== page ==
A list of object identifiers (OIDs) indicates the checking that the
   client wants the server to perform on the certificate(s) in the query



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   item.

   OIDs are defined for these types of checks:
      - Build a certification path to a trusted root.
      - Build a validated certification path to a trusted root.
      - Do revocation status checks on the certification path.

   For these purposes, the following OIDs are defined:

      id-stc OBJECT IDENTIFIER ::= { id-pkix 17 }

      id-stc-build-path       OBJECT IDENTIFIER ::= { id-stc 1 }

      id-stc-build-valid-path OBJECT IDENTIFIER ::= { id-stc 2 }

      id-stc-build-valid-status-checked-path
                              OBJECT IDENTIFIER ::= { id-stc 3 }

3.4 wantBack

   The wantBack item describes the kind of information the client wants
   from the server for the certificate(s) in the Query item. The
   wantBack item MUST contain one or more types of information. For each
   type of information specified in the request, the server MUST return
   information regarding its finding (in a successful response).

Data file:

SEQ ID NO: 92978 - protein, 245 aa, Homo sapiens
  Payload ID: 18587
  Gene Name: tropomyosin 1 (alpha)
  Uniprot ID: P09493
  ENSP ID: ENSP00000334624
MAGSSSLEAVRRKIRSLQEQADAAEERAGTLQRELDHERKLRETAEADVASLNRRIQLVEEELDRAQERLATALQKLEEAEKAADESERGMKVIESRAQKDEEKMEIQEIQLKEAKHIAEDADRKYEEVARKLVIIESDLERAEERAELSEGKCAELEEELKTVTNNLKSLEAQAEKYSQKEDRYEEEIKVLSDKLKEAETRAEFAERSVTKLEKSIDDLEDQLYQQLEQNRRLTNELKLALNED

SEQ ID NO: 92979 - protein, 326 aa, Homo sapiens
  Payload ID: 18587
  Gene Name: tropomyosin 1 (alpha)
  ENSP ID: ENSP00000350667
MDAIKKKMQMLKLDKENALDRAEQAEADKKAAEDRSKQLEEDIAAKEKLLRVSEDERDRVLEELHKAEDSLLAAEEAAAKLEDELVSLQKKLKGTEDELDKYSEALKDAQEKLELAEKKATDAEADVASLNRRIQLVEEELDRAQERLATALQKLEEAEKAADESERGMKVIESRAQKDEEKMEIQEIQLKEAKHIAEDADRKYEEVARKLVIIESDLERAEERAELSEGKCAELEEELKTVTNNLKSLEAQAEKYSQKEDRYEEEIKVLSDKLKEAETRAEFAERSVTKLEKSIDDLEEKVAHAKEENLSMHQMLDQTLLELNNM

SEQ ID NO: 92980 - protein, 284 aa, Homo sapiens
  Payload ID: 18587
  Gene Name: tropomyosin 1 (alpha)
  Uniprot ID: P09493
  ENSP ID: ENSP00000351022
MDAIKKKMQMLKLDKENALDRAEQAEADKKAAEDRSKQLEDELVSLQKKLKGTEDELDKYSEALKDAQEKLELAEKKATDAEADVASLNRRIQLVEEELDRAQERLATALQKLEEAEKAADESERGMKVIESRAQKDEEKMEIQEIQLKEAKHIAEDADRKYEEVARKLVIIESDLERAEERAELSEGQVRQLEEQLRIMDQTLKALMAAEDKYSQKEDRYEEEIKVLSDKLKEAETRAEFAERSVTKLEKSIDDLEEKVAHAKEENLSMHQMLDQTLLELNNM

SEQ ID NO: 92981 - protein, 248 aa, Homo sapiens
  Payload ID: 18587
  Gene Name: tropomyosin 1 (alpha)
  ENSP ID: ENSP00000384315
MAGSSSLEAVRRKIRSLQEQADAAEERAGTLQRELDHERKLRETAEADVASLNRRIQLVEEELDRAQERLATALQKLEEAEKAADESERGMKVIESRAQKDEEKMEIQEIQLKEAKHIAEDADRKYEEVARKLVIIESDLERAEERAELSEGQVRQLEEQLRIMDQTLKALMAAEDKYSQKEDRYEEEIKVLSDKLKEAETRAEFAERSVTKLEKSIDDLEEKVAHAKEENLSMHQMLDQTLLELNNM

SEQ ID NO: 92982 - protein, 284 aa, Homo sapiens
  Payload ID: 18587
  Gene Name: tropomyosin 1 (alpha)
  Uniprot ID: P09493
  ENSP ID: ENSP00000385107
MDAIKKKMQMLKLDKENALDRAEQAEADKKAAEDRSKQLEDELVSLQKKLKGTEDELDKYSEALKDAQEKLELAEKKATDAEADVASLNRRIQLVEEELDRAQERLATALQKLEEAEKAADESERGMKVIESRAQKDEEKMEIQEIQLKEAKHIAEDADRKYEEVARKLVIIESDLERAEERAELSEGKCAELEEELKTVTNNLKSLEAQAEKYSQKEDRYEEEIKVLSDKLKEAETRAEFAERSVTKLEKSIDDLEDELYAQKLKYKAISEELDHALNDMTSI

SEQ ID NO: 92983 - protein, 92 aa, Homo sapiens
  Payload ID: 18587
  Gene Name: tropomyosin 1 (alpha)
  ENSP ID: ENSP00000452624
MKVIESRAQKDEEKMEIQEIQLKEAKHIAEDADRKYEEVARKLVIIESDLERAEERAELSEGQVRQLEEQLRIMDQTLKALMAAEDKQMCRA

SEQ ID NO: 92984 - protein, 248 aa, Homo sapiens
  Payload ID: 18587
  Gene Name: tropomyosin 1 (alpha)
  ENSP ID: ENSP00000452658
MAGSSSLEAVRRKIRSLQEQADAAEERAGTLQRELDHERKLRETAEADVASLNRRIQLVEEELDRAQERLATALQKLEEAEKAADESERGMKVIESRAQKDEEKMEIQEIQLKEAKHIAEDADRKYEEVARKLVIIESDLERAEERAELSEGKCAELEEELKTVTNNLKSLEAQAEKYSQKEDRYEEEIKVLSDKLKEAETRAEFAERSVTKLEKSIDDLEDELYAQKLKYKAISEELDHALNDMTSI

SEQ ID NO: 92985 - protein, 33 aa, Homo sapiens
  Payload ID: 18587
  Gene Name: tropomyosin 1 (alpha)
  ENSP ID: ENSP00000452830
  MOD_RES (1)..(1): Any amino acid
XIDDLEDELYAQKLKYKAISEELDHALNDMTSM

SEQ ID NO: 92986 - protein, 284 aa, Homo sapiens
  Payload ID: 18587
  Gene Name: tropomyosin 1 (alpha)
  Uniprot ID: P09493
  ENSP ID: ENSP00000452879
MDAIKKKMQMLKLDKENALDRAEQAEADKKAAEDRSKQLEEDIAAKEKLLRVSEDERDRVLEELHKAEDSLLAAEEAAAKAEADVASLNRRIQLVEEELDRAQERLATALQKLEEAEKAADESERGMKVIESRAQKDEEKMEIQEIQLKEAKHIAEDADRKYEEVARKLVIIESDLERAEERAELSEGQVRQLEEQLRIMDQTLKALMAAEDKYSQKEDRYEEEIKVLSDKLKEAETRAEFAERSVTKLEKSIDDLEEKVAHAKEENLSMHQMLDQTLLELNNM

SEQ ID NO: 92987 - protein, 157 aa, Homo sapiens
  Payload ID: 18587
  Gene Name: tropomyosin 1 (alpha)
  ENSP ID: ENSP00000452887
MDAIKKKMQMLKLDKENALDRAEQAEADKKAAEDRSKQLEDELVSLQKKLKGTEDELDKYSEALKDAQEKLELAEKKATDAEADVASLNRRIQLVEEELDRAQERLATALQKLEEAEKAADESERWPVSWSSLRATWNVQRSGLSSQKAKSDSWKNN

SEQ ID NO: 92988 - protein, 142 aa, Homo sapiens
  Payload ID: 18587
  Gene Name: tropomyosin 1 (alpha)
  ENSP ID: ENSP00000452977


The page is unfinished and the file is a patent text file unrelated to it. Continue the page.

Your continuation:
For example, a request might include a typesOfCheck item that only
   specifies certification path building, and include a wantBack item
   that requests the return of the certification path built by the
   server. In this case, the response would not include a status for the
   validation of the certification path, but it would include a
   certification path that the server considers to be valid. A client
   that wants to perform its own certification path validation might use
   a request of this form.

   Alternatively, a request might include a typesOfCheck item that
   requests the SCVP server to build a certification path and validate
   it, including revocation checking, and include a wantBack item that
   requests the return of the status. In this case, the response would
   include only a status for the validation of the certification path. A
   client that completely delegates certification path validation might
   use a request of this form.

   The wantBack item uses the WantBack type, which has the following
   syntax:

      WantBack ::= SEQUENCE SIZE (1..MAX) OF OBJECT IDENTIFIER




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   The types of information that can be requested are:
      - Certification path built for the certificate
      - Proof of revocation status
      - Status indication

   For these purposes, the following OIDs are defined:

      id-swb OBJECT IDENTIFIER ::= { id-pkix 18 }  -- SCVP want back

      id-swb-cert-path       OBJECT IDENTIFIER ::= { id-swb 1 }
      id-swb-revocation-info OBJECT IDENTIFIER ::= { id-swb 2 }
      id-swb-cert-status     OBJECT IDENTIFIER ::= { id-swb 3 }

3.5 requestor

   The requestor optional item is used to identify the requestor. The
   value is only of local significance to the requestor. If the client